Timothy Olyphant stars as US Marshal Raylan Givens in JUSTIFIED | © 2015 Prashant Gupta/FX

Timothy Olyphant stars as US Marshal Raylan Givens in JUSTIFIED | © 2015 Prashant Gupta/FX

Back in 2010, JUSTIFIED premiered on FX. The series, about U.S. Deputy Marshal Raylan Givens, played by Timothy Olyphant, was developed for television by writer/executive producer Graham Yost from Elmore Leonard’s novella FIRE IN THE HOLE.

A lot of awards (including acting Emmys for Margo Martindale and Jeremy Davies), backwoods crime and bullets later, JUSTIFIED is wrapping things up in its sixth season, Tuesdays at 10 PM. Raylan has been trying to catch onetime boyhood friend and current Harlan County crime boss Boyd Crowder, played by Walton Goggins, in a sting operation, but Boyd’s fiancée/Raylan’s informant Ava (Joelle Carter) had a big surprise for both men at the end of last week’s episode. Boyd was shot by Raylan in JUSTIFIED’s very first episode and was originally scheduled to die then; given how integral the character has become to the show, it’s hard not to wonder what would have happen had that plot development occurred.

Creator Yost talks about this and other aspects of wrapping up six seasons of Harlan County mayhem.

AX: Did it ever seem ironic to you that Boyd, the character that you were going to kill off in Episode One, wound up being what you felt the whole series wrapped around?

GRAHAM YOST: All the time. All the time. We keep on looking at each other saying, “Wow, we almost killed him off.”

AX: So much of JUSTIFIED, and certainly the final two seasons, have been about the conflict between Raylan and Boyd, do you have any idea of what the show would have been about if Boyd had died at the start?

YOST: You know what? That’s just not the way it went. There’s a great moment in [Elmore Leonard’s novel] RIDING THE RAP where Raylan is asked by his girlfriend Joyce about Tommy Parks, “Well, what if he hadn’t had a gun? What if he hadn’t pulled?” And he said, “But he did.” [A version of this scene with Raylan’s ex-wife Winona, played by Natalie Zea, is in JUSTIFIED’s opening episode, “Fire in the Hole.”] And I think we feel that same way about the show. That sort of counter-factual history is impossible to imagine.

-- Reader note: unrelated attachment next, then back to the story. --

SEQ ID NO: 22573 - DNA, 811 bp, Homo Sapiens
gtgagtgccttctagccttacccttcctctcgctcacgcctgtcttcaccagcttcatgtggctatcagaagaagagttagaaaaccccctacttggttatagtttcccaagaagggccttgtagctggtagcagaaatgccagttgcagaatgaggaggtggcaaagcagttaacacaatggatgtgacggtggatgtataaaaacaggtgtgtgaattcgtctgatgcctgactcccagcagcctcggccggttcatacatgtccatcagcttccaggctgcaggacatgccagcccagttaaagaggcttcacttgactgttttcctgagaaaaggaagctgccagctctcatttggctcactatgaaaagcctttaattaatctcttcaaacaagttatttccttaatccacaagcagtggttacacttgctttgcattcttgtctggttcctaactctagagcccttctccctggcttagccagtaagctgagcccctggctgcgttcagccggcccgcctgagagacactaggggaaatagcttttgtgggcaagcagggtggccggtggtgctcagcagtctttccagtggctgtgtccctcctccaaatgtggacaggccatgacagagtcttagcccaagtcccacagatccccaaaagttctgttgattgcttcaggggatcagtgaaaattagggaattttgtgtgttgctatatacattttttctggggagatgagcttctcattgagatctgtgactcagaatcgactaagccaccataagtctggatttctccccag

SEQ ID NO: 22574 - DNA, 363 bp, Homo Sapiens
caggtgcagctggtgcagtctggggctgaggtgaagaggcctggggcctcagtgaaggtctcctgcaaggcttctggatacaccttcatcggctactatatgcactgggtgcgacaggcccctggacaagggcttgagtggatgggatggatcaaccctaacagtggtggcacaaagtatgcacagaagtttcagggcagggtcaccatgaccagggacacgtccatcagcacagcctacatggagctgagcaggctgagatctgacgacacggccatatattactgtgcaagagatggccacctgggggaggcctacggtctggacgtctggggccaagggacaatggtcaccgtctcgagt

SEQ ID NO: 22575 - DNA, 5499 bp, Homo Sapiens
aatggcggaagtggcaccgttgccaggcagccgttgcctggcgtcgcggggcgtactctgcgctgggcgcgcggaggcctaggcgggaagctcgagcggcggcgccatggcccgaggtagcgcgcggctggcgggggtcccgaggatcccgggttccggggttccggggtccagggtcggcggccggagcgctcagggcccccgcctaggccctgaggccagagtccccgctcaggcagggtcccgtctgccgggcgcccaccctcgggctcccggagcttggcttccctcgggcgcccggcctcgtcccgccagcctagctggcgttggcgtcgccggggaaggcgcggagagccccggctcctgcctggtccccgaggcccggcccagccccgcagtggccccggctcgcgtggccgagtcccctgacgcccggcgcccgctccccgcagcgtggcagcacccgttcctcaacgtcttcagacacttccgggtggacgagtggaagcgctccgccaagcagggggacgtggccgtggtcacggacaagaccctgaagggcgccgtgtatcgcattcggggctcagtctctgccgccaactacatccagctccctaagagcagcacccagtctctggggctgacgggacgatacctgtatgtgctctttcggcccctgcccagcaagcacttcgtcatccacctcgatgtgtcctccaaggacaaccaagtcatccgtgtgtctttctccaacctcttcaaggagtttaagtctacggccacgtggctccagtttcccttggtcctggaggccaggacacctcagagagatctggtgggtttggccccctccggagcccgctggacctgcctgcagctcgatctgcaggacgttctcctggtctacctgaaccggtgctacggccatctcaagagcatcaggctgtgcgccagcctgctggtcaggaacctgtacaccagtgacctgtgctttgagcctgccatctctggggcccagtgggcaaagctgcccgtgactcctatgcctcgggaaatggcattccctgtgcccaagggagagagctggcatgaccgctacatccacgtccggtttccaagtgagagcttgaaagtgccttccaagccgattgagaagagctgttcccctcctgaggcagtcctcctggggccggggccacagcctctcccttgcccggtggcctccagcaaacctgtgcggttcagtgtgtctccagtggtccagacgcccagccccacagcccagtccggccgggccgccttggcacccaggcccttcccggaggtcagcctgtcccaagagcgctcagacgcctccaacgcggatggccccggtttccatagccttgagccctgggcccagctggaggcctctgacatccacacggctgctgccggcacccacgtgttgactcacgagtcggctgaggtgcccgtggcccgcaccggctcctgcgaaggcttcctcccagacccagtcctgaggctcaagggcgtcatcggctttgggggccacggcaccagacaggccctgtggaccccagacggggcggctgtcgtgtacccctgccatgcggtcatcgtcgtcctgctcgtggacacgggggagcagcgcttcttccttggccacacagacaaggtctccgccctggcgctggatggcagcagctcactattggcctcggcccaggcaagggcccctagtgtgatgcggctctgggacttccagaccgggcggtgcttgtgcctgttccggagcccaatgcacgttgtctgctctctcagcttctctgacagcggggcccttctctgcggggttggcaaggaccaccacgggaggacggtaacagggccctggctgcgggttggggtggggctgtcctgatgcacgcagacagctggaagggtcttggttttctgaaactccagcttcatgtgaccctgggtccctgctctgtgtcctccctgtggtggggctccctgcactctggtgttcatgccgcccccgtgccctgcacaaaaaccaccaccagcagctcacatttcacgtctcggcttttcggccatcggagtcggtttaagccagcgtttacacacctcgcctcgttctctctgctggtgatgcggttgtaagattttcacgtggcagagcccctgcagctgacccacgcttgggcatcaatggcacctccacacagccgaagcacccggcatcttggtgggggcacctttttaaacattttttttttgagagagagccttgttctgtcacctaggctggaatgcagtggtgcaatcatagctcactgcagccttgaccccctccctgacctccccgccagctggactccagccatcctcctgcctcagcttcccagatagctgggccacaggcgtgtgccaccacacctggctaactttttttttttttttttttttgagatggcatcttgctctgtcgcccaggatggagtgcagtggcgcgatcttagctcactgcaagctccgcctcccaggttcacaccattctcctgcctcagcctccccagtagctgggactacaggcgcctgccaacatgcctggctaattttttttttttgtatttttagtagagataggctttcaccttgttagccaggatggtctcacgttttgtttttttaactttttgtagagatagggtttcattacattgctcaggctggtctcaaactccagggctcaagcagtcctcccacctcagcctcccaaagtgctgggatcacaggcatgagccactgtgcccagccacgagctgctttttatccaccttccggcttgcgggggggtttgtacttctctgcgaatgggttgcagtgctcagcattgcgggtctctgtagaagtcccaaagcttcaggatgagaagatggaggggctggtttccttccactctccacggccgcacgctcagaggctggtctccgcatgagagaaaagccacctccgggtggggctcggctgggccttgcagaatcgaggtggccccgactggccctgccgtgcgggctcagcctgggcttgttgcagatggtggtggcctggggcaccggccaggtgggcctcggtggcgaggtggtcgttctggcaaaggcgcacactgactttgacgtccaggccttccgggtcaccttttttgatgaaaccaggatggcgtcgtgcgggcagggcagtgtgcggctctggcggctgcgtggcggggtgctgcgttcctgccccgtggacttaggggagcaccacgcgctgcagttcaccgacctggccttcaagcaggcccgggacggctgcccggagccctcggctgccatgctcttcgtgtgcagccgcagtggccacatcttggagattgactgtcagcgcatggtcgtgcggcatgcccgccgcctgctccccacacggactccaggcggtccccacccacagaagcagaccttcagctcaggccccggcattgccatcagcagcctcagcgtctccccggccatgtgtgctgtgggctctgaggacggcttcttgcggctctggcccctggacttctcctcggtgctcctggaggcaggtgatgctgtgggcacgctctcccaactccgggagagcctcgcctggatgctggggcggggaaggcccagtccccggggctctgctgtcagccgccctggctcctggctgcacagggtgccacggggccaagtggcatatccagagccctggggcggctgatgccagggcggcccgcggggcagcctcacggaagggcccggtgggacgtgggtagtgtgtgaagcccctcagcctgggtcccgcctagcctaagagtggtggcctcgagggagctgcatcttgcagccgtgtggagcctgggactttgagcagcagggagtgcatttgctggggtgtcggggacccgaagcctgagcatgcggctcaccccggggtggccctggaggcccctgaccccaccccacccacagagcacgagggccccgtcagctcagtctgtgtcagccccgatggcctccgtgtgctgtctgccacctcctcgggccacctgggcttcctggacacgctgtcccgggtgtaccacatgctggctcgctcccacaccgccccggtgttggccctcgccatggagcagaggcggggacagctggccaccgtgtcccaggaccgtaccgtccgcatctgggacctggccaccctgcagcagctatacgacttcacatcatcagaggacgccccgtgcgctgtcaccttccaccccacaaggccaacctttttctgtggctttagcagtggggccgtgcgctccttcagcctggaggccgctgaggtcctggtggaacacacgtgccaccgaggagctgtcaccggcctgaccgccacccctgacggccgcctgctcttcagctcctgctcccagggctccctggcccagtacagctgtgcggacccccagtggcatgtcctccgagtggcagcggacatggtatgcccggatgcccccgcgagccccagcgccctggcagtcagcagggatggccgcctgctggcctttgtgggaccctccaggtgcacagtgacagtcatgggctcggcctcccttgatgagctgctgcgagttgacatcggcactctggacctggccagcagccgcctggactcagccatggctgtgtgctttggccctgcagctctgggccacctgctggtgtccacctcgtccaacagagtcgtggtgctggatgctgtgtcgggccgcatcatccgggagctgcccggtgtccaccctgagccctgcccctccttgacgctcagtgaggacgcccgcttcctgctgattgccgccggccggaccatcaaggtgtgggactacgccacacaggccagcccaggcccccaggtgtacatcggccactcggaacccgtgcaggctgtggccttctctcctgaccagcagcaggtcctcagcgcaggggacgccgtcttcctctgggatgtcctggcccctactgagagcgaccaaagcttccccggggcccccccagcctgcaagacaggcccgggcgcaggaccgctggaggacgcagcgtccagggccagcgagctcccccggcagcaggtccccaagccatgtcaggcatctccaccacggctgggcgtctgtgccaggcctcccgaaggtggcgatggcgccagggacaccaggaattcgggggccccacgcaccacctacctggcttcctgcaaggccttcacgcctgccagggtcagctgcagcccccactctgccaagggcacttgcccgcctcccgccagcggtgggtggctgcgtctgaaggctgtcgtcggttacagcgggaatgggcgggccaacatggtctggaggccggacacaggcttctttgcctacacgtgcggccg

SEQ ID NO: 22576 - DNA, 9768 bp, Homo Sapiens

AX: It looks like at least the story of Raylan versus Boyd is coming to an end. Did you have any second thoughts at any point about ending it now, about showing Raylan go on past Boyd?

YOST: Well, in terms of this chapter of Raylan’s life, the Boyd story needed to run its course, and that was about as long as the course would go.

AX: Do you have a favorite episode or scene in what we’ve seen so far?

YOST: The five seasons? Favorite episodes? There’s a bunch. One would be, and it’s a little self-aggrandizing, but I loved “Decoy,” which was toward the end of Season 4, when they’re trying to get Shelby out of town, Drew Thompson [played by Jim Beaver].

That’s one of my favorites. There are a bunch of them. I feel blessed. [In the current season], Chris Provenzano is one of the writers, so he wrote that scene [where Raylan reminds Ava that she is great at bluffing] and the way it touches on the past and Bowman and her whole history. The scene between Markham [Sam Elliott] and Ava and then Markham and Boyd in [Episode] Three, that’s one of my favorites, and the scene between Raylan and Boyd in [Episode] Two.

AX: You’ve talked about writing in Elmore Leonard’s voice for JUSTIFIED. For the next thing you do, do you want to write in your own voice, or do you feel like your voices are in some way a reflection of other voices?

YOST: You know, hopefully I’m just writing in the voice that’s appropriate to the project, whatever that is. So PACIFIC was specific. BOOMTOWN had its own voice. It’s all kind of different.

AX: Do you know what you’re doing next?

YOST: That’s yet to be figured out. Really, the focus is right now on this. Noah Wyle and I [both executive producers on FALLING SKIES, which Wyle stars in] pitched and sold, at least to be developed, a limited series to FX about the run-up to World War II and the great debate in America about whether or not to get in the war. That would be a limited series. It was not an easy call. Lindbergh, Roosevelt and Edward R. Murrow. Those are the three main characters.

AX: What would you most like people to know about JUSTIFIED?

YOST: That we were as true to Elmore Leonard as possible.

This interview was conducted at FX Network’s portion of the Television Critics Association press tour at Pasadena’s Langham-Huntington Hotel.

Related: Exclusive Interview JUSTIFIED star Joelle Carter talks the final season

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Article: Graham Yost on JUSTIFIED – exclusive interview

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